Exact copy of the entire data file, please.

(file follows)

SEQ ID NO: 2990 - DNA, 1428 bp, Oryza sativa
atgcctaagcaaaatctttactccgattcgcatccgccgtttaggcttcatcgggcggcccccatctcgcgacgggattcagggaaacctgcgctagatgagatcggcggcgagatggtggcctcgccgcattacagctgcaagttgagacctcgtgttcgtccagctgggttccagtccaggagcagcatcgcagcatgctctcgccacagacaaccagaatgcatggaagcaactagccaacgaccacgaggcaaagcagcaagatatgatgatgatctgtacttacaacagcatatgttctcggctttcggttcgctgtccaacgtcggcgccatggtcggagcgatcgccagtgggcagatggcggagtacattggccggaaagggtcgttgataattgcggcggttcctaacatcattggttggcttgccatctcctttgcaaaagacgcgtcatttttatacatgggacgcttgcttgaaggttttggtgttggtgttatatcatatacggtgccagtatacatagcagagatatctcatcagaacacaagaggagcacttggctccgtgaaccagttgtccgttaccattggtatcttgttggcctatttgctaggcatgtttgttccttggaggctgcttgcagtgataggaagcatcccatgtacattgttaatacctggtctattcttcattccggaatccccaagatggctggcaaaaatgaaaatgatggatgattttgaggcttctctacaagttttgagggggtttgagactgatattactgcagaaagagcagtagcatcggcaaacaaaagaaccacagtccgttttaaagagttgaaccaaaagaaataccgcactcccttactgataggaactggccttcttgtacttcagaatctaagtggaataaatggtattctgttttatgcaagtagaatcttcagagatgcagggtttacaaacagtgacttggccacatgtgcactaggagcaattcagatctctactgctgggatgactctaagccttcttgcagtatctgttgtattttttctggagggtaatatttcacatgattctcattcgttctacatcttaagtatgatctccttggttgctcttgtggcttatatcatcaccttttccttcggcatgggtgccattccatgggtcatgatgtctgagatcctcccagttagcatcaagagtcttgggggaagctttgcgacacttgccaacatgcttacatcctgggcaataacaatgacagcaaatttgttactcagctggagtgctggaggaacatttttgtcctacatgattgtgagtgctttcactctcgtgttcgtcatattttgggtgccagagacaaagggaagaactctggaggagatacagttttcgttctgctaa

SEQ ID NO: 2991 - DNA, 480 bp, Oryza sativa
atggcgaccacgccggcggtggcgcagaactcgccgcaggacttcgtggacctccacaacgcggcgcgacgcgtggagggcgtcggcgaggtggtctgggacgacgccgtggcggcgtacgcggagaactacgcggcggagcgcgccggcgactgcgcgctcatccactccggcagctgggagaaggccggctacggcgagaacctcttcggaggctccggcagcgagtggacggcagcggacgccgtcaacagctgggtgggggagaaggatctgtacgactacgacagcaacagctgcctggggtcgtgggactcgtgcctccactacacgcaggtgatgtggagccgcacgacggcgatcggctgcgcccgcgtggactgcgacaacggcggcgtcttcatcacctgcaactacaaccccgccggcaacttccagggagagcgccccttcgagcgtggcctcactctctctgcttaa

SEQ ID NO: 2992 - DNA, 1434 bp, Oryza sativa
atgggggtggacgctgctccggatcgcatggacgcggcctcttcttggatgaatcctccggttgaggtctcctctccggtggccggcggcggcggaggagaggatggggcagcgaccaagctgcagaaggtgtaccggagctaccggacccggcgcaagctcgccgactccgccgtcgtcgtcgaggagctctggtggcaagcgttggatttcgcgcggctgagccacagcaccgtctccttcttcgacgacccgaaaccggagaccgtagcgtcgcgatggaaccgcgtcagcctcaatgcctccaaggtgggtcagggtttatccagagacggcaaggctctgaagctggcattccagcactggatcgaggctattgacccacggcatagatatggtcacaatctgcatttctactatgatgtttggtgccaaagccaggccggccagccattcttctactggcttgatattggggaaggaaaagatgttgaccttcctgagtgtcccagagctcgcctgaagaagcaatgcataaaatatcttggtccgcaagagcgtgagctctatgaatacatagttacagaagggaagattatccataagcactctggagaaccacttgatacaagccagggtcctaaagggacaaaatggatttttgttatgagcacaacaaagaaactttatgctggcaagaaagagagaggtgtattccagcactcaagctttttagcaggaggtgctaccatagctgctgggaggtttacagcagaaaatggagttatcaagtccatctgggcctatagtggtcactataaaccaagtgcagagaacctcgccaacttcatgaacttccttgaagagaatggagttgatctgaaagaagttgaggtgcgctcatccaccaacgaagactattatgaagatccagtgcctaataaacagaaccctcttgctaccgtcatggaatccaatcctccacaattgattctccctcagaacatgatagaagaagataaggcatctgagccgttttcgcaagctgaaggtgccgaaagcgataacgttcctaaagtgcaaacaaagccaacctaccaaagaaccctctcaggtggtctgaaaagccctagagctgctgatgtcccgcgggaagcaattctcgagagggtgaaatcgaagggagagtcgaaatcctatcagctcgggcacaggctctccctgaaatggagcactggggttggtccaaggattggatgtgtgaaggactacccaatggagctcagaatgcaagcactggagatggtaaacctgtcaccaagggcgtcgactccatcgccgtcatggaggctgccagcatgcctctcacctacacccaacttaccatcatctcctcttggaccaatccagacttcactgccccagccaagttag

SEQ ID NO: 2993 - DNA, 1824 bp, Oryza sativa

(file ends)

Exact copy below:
SEQ ID NO: 2990 - DNA, 1428 bp, Oryza sativa
atgcctaagcaaaatctttactccgattcgcatccgccgtttaggcttcatcgggcggcccccatctcgcgacgggattcagggaaacctgcgctagatgagatcggcggcgagatggtggcctcgccgcattacagctgcaagttgagacctcgtgttcgtccagctgggttccagtccaggagcagcatcgcagcatgctctcgccacagacaaccagaatgcatggaagcaactagccaacgaccacgaggcaaagcagcaagatatgatgatgatctgtacttacaacagcatatgttctcggctttcggttcgctgtccaacgtcggcgccatggtcggagcgatcgccagtgggcagatggcggagtacattggccggaaagggtcgttgataattgcggcggttcctaacatcattggttggcttgccatctcctttgcaaaagacgcgtcatttttatacatgggacgcttgcttgaaggttttggtgttggtgttatatcatatacggtgccagtatacatagcagagatatctcatcagaacacaagaggagcacttggctccgtgaaccagttgtccgttaccattggtatcttgttggcctatttgctaggcatgtttgttccttggaggctgcttgcagtgataggaagcatcccatgtacattgttaatacctggtctattcttcattccggaatccccaagatggctggcaaaaatgaaaatgatggatgattttgaggcttctctacaagttttgagggggtttgagactgatattactgcagaaagagcagtagcatcggcaaacaaaagaaccacagtccgttttaaagagttgaaccaaaagaaataccgcactcccttactgataggaactggccttcttgtacttcagaatctaagtggaataaatggtattctgttttatgcaagtagaatcttcagagatgcagggtttacaaacagtgacttggccacatgtgcactaggagcaattcagatctctactgctgggatgactctaagccttcttgcagtatctgttgtattttttctggagggtaatatttcacatgattctcattcgttctacatcttaagtatgatctccttggttgctcttgtggcttatatcatcaccttttccttcggcatgggtgccattccatgggtcatgatgtctgagatcctcccagttagcatcaagagtcttgggggaagctttgcgacacttgccaacatgcttacatcctgggcaataacaatgacagcaaatttgttactcagctggagtgctggaggaacatttttgtcctacatgattgtgagtgctttcactctcgtgttcgtcatattttgggtgccagagacaaagggaagaactctggaggagatacagttttcgttctgctaa

SEQ ID NO: 2991 - DNA, 480 bp, Oryza sativa
atggcgaccacgccggcggtggcgcagaactcgccgcaggacttcgtggacctccacaacgcggcgcgacgcgtggagggcgtcggcgaggtggtctgggacgacgccgtggcggcgtacgcggagaactacgcggcggagcgcgccggcgactgcgcgctcatccactccggcagctgggagaaggccggctacggcgagaacctcttcggaggctccggcagcgagtggacggcagcggacgccgtcaacagctgggtgggggagaaggatctgtacgactacgacagcaacagctgcctggggtcgtgggactcgtgcctccactacacgcaggtgatgtggagccgcacgacggcgatcggctgcgcccgcgtggactgcgacaacggcggcgtcttcatcacctgcaactacaaccccgccggcaacttccagggagagcgccccttcgagcgtggcctcactctctctgcttaa

SEQ ID NO: 2992 - DNA, 1434 bp, Oryza sativa
atgggggtggacgctgctccggatcgcatggacgcggcctcttcttggatgaatcctccggttgaggtctcctctccggtggccggcggcggcggaggagaggatggggcagcgaccaagctgcagaaggtgtaccggagctaccggacccggcgcaagctcgccgactccgccgtcgtcgtcgaggagctctggtggcaagcgttggatttcgcgcggctgagccacagcaccgtctccttcttcgacgacccgaaaccggagaccgtagcgtcgcgatggaaccgcgtcagcctcaatgcctccaaggtgggtcagggtttatccagagacggcaaggctctgaagctggcattccagcactggatcgaggctattgacccacggcatagatatggtcacaatctgcatttctactatgatgtttggtgccaaagccaggccggccagccattcttctactggcttgatattggggaaggaaaagatgttgaccttcctgagtgtcccagagctcgcctgaagaagcaatgcataaaatatcttggtccgcaagagcgtgagctctatgaatacatagttacagaagggaagattatccataagcactctggagaaccacttgatacaagccagggtcctaaagggacaaaatggatttttgttatgagcacaacaaagaaactttatgctggcaagaaagagagaggtgtattccagcactcaagctttttagcaggaggtgctaccatagctgctgggaggtttacagcagaaaatggagttatcaagtccatctgggcctatagtggtcactataaaccaagtgcagagaacctcgccaacttcatgaacttccttgaagagaatggagttgatctgaaagaagttgaggtgcgctcatccaccaacgaagactattatgaagatccagtgcctaataaacagaaccctcttgctaccgtcatggaatccaatcctccacaattgattctccctcagaacatgatagaagaagataaggcatctgagccgttttcgcaagctgaaggtgccgaaagcgataacgttcctaaagtgcaaacaaagccaacctaccaaagaaccctctcaggtggtctgaaaagccctagagctgctgatgtcccgcgggaagcaattctcgagagggtgaaatcgaagggagagtcgaaatcctatcagctcgggcacaggctctccctgaaatggagcactggggttggtccaaggattggatgtgtgaaggactacccaatggagctcagaatgcaagcactggagatggtaaacctgtcaccaagggcgtcgactccatcgccgtcatggaggctgccagcatgcctctcacctacacccaacttaccatcatctcctcttggaccaatccagacttcactgccccagccaagttag

SEQ ID NO: 2993 - DNA, 1824 bp, Oryza sativa